By on December 23, 2011

Editor’s Note: Be aware that photos are larger than the usual format.

When I told friends that my European vacation would give me the opportunity to test a few European cars, their reactions fit a certain pattern: “So you’re going to be running around Europe in Porsches and Audis?” they asked. “Can I have your job?”

“No such luck,” I replied. “I’ve got a Hyundai station wagon and a VW minivan lined up.”

And though my friends may have been disappointed, I certainly wasn’t. After all, I expected great things from the Hyundai i40 I had during my first week, and I was actually quite excited to have secured a VW Sharan for week two. After all, I have something of a history with minivans (I drove a Grand Caravan in High School, the only vehicle I’ve ever crashed), and I was looking forward to comparing VW’s new Euro-MPV to its US “counterpart,” the Chrysler-rebadge VW Routan. If VW would rather sell a rebadged Town & Country than the slick little MPV I received straight from Wolfsburg with only 3,500 km on the clock, surely there was a reason. And I was determined to find it out.

VW’s newest Sharan debuted last year as a 2011 model, ditching the B-VX62 platform that had been jointly developed with Ford, in favor of the new MQB modular platform which could eventually underpin as many as 60 models, from subcompacts to “Large MPVs” like the Sharan. Some 11 inches shorter than the Routan and with a wheelbase that’s over six inches shorter, the Sharan would be considered a “Large MPV” only in Europe. On the other hand, it’s no compact minivan either, splitting the difference between the Routan and the newest Mazda5 almost perfectly (11 inches shorter than Routan, 10 inches longer than Mazda5). And it makes the most of that space: though available as base with only five seats, our tester came with the seven-seat option, and though it impinges upon cargo room considerably, the third row is no penalty box. At a little over six foot tall, I could easily occupy the Sharan’s hinterlands for all but the longest hauls, with sufficient headroom and only slightly limited legroom. In short, like the i40, the Sharan’s size alone does not preclude the possibility of US-market service.

And in return for the considerable extra space it gives up to the Routan, the Sharan offers all of the other joys of authentic, Euro-spec Volkswagen goodness. The exterior is, if a bit overly subtle, a far more handsome and complete design than the somewhat awkward Routan. And equipped with adaptive bi-xenon and LED headlights and a gigantic panoramic moonroof, one could almost imagine imagine the schnörkellos Sharan as Audi’s first foray into the world of MPVs. If you think minivans are incapable of being passable for even the most fashionable young families, take a moment to peruse the photos in the gallery below.

Meanwhile, the impressions of quality continue when you step inside. Far from the new world of disappointingly cost-cut interiors in US-market Vee-Dubs like Jetta and Passat, the Sharan’s interior is classic Volkswagen. Dash plastics are yielding to the touch but solidly situated, with only a slightly coarse “grain” on the surfacing giving an impression of less-than-top-notch quality. From the switches to the knobs, from materials to design and assembly, the contrast to American-market VWs can not be mistaken, although they don’t stand out much in pictures. Add optional leather upholstery with suede-alike inserts, VW’s top-of-the-line navigation system, parking sensors and backup camera, fully-electric side sliders and rear hatch, multi-zone climate control, the previously-mentioned panoramic moonroof, heated seats, keyless-go, stop-start, auto-park function and yes, adaptive suspension (!) and this mass-market-branded minivan truly becomes the equal of some Audis (even more so with optional 168 HP TDI engine and AWD). For a price, of course (more on that shortly).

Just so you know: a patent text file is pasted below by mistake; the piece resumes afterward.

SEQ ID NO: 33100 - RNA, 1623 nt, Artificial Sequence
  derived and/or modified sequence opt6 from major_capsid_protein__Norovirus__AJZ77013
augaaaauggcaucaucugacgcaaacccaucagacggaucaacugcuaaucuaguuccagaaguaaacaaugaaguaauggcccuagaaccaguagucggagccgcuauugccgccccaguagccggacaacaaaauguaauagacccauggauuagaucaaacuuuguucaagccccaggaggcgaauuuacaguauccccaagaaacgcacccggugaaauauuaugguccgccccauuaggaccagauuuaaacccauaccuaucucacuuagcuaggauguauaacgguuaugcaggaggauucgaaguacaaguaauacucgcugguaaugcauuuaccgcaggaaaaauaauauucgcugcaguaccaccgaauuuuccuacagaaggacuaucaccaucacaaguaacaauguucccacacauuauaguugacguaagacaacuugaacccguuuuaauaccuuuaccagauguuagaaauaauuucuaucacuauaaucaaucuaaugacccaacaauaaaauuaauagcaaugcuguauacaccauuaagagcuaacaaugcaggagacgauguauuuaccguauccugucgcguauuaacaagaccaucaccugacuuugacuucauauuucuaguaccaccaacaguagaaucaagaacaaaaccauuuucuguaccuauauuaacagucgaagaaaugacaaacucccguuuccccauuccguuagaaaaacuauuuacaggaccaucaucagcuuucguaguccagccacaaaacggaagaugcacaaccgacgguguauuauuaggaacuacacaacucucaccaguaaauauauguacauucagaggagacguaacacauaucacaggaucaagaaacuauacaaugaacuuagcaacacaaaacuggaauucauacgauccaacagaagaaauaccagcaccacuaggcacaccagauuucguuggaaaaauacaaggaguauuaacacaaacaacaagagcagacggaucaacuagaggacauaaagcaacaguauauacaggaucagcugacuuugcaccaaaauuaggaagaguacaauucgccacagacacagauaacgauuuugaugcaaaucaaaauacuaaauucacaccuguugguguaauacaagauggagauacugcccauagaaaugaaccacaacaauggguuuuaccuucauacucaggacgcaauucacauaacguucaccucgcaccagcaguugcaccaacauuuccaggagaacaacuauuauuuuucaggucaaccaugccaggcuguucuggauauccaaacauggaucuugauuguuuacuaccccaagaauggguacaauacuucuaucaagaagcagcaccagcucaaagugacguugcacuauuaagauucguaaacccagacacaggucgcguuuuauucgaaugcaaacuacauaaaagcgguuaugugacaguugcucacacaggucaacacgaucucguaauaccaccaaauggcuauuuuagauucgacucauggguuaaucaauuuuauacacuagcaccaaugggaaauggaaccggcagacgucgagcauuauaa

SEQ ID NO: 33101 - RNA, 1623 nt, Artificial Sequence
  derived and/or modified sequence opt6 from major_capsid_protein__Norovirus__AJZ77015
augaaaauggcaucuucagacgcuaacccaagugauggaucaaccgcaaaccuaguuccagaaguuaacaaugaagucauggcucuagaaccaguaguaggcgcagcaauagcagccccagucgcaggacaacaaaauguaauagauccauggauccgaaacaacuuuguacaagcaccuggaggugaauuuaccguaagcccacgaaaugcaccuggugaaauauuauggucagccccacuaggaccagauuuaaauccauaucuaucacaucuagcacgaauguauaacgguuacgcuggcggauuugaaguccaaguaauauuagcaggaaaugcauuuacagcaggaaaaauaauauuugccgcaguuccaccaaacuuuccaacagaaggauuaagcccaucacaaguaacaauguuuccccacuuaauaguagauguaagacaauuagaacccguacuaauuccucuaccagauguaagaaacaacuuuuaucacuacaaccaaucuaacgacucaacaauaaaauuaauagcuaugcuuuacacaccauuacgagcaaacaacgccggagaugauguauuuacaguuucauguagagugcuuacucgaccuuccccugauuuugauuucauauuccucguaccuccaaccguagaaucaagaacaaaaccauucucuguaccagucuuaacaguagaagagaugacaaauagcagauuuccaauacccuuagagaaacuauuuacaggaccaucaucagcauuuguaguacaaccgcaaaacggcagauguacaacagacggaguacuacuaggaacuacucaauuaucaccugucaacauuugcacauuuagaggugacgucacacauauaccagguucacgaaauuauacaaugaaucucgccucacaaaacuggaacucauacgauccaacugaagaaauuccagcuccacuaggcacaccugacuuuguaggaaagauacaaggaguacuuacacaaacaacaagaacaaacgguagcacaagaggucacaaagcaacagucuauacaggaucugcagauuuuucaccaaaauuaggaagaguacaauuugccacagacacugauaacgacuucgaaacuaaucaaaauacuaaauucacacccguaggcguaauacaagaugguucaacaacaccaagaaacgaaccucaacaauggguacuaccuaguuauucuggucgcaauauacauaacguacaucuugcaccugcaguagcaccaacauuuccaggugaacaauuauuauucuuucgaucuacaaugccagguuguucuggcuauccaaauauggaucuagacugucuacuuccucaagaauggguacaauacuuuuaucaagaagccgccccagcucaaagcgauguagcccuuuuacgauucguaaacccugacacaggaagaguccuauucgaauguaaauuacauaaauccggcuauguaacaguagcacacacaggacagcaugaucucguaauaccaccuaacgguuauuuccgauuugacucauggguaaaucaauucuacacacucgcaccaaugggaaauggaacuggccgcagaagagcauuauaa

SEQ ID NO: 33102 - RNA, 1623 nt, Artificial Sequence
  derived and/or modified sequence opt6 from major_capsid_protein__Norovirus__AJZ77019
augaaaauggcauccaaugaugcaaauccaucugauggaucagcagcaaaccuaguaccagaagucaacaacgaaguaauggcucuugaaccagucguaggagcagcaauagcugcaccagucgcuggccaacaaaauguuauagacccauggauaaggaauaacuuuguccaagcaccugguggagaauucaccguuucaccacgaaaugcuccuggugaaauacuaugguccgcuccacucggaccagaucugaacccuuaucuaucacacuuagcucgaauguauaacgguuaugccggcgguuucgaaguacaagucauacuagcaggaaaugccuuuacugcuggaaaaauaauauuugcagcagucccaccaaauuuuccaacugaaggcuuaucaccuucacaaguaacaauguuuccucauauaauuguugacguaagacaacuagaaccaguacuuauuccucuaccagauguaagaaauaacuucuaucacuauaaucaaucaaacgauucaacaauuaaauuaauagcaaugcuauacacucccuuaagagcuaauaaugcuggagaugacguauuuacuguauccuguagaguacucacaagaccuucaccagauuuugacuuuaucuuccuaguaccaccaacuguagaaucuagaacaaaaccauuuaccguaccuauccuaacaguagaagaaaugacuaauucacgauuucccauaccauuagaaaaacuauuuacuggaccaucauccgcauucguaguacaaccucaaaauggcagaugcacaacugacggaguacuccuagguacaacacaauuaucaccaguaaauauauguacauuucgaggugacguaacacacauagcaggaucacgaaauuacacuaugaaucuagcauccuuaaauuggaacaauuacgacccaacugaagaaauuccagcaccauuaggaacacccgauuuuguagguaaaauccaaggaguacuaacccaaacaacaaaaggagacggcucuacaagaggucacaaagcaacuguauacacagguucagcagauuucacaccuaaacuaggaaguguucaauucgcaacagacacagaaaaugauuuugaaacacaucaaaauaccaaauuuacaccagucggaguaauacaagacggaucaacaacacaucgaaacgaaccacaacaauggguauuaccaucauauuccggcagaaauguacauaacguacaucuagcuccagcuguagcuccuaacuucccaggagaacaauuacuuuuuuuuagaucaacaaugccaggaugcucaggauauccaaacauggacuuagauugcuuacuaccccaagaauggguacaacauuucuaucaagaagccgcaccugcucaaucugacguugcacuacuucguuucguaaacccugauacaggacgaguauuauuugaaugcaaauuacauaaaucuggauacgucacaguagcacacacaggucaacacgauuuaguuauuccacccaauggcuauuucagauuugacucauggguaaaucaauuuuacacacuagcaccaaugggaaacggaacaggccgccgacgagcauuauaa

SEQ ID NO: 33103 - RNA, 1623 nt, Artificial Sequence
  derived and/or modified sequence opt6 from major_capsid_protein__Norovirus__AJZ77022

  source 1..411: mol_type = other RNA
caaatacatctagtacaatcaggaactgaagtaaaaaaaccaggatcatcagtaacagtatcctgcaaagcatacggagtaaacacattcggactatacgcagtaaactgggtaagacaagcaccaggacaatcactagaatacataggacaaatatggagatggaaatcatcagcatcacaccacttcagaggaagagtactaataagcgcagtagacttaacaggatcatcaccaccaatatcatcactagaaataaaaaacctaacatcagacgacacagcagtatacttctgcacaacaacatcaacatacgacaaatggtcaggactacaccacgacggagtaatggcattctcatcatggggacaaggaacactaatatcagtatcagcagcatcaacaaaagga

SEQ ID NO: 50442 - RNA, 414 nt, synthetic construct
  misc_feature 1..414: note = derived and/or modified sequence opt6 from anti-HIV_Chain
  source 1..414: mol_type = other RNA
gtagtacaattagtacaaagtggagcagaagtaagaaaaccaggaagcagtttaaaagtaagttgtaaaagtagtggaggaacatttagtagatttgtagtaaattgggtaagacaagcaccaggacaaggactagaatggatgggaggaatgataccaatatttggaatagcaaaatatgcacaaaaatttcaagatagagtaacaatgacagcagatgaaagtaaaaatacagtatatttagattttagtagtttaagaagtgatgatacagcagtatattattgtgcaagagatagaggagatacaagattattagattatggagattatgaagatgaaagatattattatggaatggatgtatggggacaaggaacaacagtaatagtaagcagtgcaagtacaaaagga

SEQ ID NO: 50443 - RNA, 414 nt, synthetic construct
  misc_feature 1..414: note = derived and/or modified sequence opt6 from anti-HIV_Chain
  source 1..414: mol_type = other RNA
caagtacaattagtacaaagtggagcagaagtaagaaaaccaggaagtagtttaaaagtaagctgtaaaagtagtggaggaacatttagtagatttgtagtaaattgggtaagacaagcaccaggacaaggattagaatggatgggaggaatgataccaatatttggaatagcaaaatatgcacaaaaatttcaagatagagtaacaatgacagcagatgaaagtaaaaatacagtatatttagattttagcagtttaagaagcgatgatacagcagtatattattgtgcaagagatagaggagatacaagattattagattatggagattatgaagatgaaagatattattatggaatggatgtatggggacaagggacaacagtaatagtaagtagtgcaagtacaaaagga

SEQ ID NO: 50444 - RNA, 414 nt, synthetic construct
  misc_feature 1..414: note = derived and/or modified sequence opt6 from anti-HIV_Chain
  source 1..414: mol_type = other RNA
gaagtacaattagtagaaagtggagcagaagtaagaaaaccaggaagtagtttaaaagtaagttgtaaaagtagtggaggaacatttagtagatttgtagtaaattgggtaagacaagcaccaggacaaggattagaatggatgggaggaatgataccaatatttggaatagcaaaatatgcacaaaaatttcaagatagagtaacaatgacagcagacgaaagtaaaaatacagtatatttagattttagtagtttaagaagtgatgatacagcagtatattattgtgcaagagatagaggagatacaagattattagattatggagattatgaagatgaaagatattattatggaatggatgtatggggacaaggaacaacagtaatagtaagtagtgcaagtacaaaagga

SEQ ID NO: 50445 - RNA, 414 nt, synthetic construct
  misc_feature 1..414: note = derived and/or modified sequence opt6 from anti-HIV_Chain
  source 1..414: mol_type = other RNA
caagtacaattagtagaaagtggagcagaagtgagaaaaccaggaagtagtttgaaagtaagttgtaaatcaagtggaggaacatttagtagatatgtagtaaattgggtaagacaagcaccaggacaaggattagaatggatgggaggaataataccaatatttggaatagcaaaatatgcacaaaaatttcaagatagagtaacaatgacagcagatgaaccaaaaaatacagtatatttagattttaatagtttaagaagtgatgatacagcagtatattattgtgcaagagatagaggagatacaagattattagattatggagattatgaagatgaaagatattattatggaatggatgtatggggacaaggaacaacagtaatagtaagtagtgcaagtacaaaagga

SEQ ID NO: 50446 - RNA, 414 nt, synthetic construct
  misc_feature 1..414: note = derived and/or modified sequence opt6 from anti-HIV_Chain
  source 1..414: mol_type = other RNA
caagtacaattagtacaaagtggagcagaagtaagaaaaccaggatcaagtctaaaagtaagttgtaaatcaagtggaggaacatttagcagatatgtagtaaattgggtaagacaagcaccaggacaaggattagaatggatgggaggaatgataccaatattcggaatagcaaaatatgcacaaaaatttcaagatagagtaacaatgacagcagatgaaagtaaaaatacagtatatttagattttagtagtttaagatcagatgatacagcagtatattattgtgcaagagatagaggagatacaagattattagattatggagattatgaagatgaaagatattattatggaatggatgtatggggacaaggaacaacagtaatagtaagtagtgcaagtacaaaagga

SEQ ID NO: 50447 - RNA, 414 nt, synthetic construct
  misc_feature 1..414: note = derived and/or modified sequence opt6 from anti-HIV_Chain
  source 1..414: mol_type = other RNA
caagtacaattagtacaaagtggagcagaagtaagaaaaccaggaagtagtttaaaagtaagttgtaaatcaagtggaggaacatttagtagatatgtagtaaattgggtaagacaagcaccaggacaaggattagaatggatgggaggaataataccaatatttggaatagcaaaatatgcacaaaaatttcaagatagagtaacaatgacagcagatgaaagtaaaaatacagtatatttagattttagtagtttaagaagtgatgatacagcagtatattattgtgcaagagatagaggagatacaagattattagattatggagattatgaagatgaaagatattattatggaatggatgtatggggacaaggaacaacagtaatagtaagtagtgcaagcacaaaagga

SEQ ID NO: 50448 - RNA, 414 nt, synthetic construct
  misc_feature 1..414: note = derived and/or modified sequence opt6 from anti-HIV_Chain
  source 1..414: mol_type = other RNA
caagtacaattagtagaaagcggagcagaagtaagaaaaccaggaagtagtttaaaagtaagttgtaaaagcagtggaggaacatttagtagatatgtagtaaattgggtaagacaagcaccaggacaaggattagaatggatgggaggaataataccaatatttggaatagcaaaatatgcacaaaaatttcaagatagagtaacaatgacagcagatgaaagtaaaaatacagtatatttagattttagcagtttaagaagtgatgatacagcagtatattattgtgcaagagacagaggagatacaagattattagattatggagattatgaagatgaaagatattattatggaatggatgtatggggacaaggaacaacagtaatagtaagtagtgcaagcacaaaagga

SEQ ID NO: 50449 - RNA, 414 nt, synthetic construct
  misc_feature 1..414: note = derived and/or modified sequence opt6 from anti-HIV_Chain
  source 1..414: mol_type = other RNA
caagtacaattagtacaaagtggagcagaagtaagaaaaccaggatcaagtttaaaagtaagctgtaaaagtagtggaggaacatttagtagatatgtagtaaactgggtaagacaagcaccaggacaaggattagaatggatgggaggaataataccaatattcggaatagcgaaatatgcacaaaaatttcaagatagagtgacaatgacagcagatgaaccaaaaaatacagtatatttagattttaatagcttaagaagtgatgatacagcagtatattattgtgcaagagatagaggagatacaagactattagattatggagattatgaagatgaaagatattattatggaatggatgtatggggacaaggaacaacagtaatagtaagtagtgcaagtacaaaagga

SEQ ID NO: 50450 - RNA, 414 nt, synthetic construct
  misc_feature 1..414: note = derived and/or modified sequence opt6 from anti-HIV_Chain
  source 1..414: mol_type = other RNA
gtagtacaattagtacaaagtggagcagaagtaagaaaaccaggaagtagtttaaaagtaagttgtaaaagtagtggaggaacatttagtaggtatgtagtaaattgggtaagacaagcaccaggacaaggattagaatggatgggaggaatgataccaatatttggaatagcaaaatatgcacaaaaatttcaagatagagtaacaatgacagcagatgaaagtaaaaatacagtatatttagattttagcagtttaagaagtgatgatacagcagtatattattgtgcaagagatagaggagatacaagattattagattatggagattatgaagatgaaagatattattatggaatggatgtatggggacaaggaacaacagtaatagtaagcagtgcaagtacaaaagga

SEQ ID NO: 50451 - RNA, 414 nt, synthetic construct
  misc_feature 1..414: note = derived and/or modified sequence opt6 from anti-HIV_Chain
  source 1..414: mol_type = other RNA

Settle into the driver’s seat, and the first thing you notice is that the driving position is incredibly bus-like. In order to make the most of the Sharan’s (relatively) limited space, you sit high and upright on typically firm seats, while your feet reach down at a sharp angle for the three pedals and you work the long-ish throw shifter with a bit of a trucker-style downward reach. It takes a moment to get used to, especially after a week in the low-slung Hyundai wagon, but the seating position gives a commanding view of the road, and thanks to a tall roof, there’s still a vaulted cathedral worth of headroom above. All in all, then, there’s no mistaking that you’re driving a minivan, albeit a somewhat smaller, considerably more premium phenotype of the species than those we’re accustomed to in the United States.

Press in the clutch and poke the starter button, and the 140 HP version of VW’s 2.0 TDI engine rumbles subtly to life. If the i40 astounded with the refinement of its diesel engine, the Sharan made me forget almost entirely that we were driving under oil-burning power. Only the diesel’s distinctive torque and unwillingness to rev (and some clatter on cold morning warm-ups) betrayed the dieselness of this altogether capable little lump. With only 236 lb-ft to motivate some 4,300 lbs, progress was not exactly brisk, but performance was considerably more satisfying than the numbers suggest (11.4 seconds 0-100km)… and on the autobahn it had no trouble cruising at triple-digit (MPH) speeds.

Inevitably, however, the Sharan’s aerodynamics and weight conspired to push reported fuel economy way down in both high-speed cruising and brisk driving on mountain roads. Though rated at 5.4 l/100km in “extraurban” driving, the Sharan’s observed economy was rarely below 6 l/100km (~40 MPG), and often registered as high as 9 l/100km (26 MPG). On the other hand, higher numbers often came at some altitude, when climbing hills and cruising at higher speeds… still, after the Hyundai’s remarkably consistent economy, the Sharan was not as frugal as I might have hoped. On the other hand, stop-start helped urban fuel economy, and in typical European driving the 6.2 l/100km (~38 MPG) “combined” rating seemed highly achievable. Not bad for a seven-seater minivan.